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Journal of animal science

Proteolytic changes of myofibrillar proteins in Podolian meat during aging: focusing on tenderness.


PMID 26020914

Abstract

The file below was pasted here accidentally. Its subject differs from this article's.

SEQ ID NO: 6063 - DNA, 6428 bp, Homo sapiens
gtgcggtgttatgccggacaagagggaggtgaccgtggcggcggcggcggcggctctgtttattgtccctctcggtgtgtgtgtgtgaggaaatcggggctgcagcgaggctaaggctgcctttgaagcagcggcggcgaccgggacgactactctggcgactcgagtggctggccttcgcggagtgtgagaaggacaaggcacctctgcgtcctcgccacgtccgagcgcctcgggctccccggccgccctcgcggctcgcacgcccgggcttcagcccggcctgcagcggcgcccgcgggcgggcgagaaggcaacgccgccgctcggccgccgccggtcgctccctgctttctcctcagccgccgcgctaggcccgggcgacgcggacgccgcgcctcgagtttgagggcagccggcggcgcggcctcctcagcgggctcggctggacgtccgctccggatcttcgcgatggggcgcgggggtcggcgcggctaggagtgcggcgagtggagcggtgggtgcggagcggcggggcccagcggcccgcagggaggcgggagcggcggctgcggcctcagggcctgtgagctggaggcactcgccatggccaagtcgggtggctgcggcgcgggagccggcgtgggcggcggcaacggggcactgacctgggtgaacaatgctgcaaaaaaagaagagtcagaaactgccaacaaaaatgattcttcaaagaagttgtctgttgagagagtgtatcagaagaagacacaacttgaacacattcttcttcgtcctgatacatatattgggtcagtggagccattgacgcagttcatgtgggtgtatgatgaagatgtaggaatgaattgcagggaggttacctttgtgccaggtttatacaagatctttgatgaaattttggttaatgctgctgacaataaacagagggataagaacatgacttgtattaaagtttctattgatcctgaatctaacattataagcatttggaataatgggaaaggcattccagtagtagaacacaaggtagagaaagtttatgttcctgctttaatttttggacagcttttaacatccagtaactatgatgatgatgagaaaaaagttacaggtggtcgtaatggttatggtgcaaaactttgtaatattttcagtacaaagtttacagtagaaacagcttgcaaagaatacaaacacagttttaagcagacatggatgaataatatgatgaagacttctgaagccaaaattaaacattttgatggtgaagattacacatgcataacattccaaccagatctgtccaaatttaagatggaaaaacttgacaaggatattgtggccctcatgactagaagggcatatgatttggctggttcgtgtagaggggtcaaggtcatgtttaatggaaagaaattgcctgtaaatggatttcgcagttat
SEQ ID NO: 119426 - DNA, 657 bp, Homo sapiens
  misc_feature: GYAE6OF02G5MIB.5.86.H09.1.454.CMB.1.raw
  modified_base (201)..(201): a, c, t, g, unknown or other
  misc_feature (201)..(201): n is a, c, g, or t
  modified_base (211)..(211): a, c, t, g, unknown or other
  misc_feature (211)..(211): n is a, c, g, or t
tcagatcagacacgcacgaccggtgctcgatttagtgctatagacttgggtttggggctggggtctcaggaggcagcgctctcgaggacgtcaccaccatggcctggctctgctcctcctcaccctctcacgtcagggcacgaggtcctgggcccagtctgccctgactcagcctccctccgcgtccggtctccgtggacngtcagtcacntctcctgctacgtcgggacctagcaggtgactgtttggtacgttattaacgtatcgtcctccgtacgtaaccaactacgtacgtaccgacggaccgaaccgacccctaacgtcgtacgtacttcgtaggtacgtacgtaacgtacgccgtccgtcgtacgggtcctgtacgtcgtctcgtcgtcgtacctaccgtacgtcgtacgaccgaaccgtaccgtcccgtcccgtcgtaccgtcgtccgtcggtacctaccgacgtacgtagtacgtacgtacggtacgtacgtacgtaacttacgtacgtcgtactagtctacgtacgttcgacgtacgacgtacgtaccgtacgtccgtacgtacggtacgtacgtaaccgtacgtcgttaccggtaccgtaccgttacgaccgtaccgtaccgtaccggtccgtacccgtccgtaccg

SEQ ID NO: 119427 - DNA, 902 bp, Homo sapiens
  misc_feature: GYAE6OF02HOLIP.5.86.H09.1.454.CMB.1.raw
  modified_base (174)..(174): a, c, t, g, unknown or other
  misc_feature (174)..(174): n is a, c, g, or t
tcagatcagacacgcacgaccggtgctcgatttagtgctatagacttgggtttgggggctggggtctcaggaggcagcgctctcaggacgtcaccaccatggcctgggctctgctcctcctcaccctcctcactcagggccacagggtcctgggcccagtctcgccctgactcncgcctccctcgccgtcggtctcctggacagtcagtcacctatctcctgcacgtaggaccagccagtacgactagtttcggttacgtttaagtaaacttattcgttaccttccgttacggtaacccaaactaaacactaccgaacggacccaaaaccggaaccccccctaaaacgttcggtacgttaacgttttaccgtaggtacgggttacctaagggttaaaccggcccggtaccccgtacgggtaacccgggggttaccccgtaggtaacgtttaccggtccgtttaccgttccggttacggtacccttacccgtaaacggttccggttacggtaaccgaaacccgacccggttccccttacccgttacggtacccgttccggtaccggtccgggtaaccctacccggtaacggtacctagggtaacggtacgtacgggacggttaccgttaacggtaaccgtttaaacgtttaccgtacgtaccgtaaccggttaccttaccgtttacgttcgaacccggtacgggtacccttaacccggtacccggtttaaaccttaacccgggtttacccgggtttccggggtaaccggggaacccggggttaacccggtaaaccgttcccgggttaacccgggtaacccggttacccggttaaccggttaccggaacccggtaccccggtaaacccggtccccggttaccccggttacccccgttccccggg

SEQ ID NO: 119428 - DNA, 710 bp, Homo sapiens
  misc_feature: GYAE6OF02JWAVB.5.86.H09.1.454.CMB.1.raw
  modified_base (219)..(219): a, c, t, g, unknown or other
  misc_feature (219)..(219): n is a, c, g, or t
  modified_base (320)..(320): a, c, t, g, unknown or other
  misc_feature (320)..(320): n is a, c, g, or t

The aim of this study was to understand the relationship between changes in postmortem degradation of myofibrillar proteins and tenderness development in 3 different muscles from 10 Podolian young bulls aged 1, 7, 14, and 21 d. Psoas major (PM), longissimus dorsi (LD), and semitendinosus muscle () were removed from each half carcass 24 h postmortem. Meat chemical composition, Warner-Bratzler shear force (WBSF), myofibril fragmentation index (MFI), total collagen content, and changes in myofibrillar proteins were estimated in triplicate at each aging time. A significant muscle effect was found on meat chemical composition. Semitendinosus muscle showed the lowest intramuscular fat percentage ( < 0.01) and the highest total collagen content ( < 0.01) with respect to LD and PM. Warner-Bratzler shear force decreased during aging in all muscles ( < 0.001), and semitendinosus was the toughest muscle whereas PM was the most tender ( < 0.001). Myofibril fragmentation index significantly increased ( < 0.001) in LD and PM meat throughout aging time whereas in semitendinosus it increased from 14 d of aging. Proteolysis was investigated by SDS-PAGE, western blotting, and 2-dimensional electrophoresis. Throughout postmortem aging, some structural proteins changed in intensity in all muscles analyzed. The blotting profile highlighted that desmin and troponin-T (TnT) bands were affected by both muscle and aging effects. Desmin degradation was more intense and faster in LD muscle than in semitendinosus and PM muscles. A progressive increase of the degraded isoforms of TnT (33 and 30 kDa polypeptides) was found during aging in LD, while, in PM these bands appeared earlier showing a greater intensity from 1 d. During aging, 2-dimensional gel electrophoresis (2DE) image analyses results showed a significant increase of the total number of spots reaching the highest value in the LD muscle at 21 d of aging ( < 0.01). Proteins separation also revealed differences in the spot number and expression patterns of myosin light chain (MLC) isoforms among muscles. A principal components analysis applied to meat chemical composition, tenderness, and myofibrillar proteins accounted for approximately 96.09% of total variance. Data highlight that aging affects the meat tenderness and proteolysis with different intensities in each muscle. These results provide knowledge about the tenderness mechanism in different muscles from a rustic breed and could be useful for the development of muscle specific strategies for improving the quality and value in different commercial cuts.